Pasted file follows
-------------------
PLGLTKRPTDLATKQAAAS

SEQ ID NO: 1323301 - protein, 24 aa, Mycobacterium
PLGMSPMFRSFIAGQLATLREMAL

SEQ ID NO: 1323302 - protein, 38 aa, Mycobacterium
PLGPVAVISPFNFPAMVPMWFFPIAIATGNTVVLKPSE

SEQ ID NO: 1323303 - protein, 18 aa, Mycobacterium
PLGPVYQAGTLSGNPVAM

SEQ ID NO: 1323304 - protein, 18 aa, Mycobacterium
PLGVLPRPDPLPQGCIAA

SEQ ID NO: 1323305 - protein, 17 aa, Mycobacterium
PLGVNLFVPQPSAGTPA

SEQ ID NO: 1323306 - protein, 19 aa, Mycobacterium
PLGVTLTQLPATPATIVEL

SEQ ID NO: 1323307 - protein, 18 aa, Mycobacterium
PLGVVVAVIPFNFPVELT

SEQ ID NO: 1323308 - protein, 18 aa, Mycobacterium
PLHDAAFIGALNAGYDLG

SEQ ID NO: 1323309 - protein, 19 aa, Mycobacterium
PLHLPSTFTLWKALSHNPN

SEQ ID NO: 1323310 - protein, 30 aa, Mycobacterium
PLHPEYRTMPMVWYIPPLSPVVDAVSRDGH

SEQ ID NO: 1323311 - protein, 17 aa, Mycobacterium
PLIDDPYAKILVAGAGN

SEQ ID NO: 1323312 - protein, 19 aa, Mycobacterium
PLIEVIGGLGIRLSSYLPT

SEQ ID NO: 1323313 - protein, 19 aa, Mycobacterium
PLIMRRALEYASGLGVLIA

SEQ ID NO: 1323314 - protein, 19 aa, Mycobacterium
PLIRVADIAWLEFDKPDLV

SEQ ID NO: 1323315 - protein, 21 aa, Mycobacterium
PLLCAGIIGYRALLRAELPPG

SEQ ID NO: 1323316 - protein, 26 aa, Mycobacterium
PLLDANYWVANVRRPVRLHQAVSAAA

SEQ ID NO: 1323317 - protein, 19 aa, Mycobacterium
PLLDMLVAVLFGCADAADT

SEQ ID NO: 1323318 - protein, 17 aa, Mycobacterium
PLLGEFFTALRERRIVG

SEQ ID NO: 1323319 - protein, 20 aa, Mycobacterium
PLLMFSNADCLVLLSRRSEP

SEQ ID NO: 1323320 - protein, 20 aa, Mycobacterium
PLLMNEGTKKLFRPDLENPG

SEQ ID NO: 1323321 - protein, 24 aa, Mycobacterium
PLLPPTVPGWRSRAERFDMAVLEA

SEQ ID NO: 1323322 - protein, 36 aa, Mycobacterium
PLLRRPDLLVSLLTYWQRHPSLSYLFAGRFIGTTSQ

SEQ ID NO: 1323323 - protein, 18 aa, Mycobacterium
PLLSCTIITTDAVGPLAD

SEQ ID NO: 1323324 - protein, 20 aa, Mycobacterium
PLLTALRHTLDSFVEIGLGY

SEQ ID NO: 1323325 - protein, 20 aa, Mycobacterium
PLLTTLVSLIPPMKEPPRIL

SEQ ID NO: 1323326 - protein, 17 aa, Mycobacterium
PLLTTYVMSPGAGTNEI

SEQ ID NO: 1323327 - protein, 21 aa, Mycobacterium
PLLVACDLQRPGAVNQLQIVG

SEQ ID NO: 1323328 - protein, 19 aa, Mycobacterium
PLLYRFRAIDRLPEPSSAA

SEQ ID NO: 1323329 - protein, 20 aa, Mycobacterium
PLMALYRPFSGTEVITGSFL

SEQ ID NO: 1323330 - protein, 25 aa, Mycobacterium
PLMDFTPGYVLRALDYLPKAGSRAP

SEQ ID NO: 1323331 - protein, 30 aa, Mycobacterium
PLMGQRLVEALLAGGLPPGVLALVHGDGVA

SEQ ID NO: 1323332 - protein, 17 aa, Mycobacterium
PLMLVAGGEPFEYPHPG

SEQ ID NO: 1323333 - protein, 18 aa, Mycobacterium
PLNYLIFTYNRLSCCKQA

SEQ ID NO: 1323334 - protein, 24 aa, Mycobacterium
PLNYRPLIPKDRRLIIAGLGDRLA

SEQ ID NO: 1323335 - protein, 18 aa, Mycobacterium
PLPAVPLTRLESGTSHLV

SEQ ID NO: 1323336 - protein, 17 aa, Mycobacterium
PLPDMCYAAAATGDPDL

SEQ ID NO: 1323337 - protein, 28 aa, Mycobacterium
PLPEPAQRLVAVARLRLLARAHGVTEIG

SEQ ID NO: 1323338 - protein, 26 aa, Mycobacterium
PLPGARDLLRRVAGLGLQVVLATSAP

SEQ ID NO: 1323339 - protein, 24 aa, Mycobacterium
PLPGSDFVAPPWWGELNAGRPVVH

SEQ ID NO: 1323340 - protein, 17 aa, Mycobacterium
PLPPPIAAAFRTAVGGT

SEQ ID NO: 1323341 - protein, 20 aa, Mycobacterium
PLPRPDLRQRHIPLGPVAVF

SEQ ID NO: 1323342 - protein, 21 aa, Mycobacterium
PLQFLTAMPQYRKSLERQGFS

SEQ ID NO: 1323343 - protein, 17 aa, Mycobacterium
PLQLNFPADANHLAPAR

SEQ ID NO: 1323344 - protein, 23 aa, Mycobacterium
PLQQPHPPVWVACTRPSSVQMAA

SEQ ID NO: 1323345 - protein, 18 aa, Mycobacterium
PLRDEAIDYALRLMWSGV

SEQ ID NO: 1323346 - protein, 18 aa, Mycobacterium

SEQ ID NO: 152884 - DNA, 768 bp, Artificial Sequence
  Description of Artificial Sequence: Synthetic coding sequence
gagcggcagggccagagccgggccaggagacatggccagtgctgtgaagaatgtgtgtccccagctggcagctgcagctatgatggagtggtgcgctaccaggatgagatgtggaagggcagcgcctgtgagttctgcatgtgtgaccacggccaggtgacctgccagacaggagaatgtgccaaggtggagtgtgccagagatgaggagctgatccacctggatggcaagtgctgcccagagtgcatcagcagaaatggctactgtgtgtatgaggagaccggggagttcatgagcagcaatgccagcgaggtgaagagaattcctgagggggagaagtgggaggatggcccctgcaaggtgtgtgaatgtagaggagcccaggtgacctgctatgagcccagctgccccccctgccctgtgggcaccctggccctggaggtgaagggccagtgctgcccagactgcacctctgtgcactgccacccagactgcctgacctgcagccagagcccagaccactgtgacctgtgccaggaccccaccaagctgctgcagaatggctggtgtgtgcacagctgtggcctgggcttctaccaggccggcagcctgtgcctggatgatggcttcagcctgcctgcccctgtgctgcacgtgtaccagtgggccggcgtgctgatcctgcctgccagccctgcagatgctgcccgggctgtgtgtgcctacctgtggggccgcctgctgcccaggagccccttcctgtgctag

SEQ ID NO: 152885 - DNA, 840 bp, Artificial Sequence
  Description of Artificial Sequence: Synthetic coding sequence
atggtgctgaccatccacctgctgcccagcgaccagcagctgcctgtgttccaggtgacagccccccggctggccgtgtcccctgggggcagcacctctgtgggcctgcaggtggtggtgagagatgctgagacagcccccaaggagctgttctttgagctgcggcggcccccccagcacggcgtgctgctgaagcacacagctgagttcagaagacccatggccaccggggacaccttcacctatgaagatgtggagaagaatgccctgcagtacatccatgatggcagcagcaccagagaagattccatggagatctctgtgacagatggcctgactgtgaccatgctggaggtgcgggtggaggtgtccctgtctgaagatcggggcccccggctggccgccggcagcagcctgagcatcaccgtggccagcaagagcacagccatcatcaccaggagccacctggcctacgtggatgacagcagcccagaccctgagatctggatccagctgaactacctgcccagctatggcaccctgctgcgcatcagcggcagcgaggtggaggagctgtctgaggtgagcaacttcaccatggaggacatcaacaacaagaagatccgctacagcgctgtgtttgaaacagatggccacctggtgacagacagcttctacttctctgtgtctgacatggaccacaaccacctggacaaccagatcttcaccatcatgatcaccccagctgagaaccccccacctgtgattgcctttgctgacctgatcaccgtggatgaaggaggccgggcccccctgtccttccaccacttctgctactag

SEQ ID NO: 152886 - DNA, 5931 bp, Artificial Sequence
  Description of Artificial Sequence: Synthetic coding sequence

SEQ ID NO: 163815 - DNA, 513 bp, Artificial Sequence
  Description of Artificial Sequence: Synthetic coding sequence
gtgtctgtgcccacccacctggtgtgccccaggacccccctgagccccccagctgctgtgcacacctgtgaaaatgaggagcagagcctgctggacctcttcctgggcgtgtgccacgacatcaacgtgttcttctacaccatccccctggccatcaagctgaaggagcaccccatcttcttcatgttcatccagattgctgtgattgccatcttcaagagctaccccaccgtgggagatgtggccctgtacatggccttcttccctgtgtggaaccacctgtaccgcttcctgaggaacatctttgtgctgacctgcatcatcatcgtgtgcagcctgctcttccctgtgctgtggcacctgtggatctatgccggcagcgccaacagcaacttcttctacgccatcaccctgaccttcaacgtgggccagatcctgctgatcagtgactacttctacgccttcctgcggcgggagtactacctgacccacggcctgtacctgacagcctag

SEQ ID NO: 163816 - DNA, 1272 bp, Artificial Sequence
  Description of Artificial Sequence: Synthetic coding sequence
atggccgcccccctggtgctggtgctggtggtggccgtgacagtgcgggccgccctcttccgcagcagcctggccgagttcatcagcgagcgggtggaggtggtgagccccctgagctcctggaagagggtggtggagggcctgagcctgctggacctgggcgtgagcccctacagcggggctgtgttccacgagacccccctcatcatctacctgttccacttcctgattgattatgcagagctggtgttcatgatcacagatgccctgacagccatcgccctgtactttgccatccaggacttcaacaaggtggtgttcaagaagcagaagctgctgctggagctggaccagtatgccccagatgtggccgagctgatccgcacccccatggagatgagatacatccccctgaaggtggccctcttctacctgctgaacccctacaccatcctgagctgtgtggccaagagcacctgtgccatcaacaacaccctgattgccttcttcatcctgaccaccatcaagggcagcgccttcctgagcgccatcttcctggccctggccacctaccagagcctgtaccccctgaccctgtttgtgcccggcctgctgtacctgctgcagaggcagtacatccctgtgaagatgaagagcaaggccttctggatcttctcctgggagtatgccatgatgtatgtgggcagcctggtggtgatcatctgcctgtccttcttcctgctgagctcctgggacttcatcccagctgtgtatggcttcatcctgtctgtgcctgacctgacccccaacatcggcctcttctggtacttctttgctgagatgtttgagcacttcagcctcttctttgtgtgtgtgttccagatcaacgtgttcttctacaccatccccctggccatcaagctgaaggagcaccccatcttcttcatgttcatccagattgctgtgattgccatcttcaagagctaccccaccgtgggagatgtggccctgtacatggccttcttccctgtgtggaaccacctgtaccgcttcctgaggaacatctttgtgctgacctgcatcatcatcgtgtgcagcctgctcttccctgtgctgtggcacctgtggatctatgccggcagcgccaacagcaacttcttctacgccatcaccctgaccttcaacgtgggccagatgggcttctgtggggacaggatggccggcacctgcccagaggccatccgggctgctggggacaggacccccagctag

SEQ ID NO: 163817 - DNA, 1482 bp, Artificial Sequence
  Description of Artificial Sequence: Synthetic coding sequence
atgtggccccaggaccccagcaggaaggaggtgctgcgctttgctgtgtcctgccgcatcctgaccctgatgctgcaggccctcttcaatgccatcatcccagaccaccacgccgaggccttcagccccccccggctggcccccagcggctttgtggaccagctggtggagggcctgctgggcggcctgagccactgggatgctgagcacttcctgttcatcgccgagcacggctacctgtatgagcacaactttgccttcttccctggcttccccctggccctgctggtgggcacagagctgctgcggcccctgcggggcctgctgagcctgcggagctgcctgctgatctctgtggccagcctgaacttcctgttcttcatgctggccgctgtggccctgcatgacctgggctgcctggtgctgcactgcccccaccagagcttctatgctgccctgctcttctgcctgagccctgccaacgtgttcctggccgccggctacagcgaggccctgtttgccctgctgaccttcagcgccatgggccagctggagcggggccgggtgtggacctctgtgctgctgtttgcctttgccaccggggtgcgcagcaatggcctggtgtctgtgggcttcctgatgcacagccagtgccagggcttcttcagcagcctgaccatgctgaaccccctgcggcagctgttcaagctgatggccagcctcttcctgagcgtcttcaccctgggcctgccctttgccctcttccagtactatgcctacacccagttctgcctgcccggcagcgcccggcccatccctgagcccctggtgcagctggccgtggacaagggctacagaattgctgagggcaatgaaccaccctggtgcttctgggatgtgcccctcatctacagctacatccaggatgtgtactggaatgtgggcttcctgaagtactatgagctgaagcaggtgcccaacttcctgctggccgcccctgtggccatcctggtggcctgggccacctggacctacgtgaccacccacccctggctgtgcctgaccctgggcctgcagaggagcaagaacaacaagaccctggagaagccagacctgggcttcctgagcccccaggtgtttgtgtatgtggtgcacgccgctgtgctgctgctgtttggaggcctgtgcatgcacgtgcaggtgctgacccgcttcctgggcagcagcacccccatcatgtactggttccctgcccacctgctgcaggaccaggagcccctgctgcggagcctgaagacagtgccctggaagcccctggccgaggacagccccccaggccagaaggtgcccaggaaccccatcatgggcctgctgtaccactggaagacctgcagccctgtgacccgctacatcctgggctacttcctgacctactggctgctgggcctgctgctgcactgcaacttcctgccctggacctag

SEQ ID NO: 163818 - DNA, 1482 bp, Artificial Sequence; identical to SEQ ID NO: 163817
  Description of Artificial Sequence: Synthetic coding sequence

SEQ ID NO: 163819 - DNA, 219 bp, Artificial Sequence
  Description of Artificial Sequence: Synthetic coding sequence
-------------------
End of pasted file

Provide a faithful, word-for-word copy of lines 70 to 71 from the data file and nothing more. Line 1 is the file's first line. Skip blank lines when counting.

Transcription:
SEQ ID NO: 1323335 - protein, 18 aa, Mycobacterium
PLPAVPLTRLESGTSHLV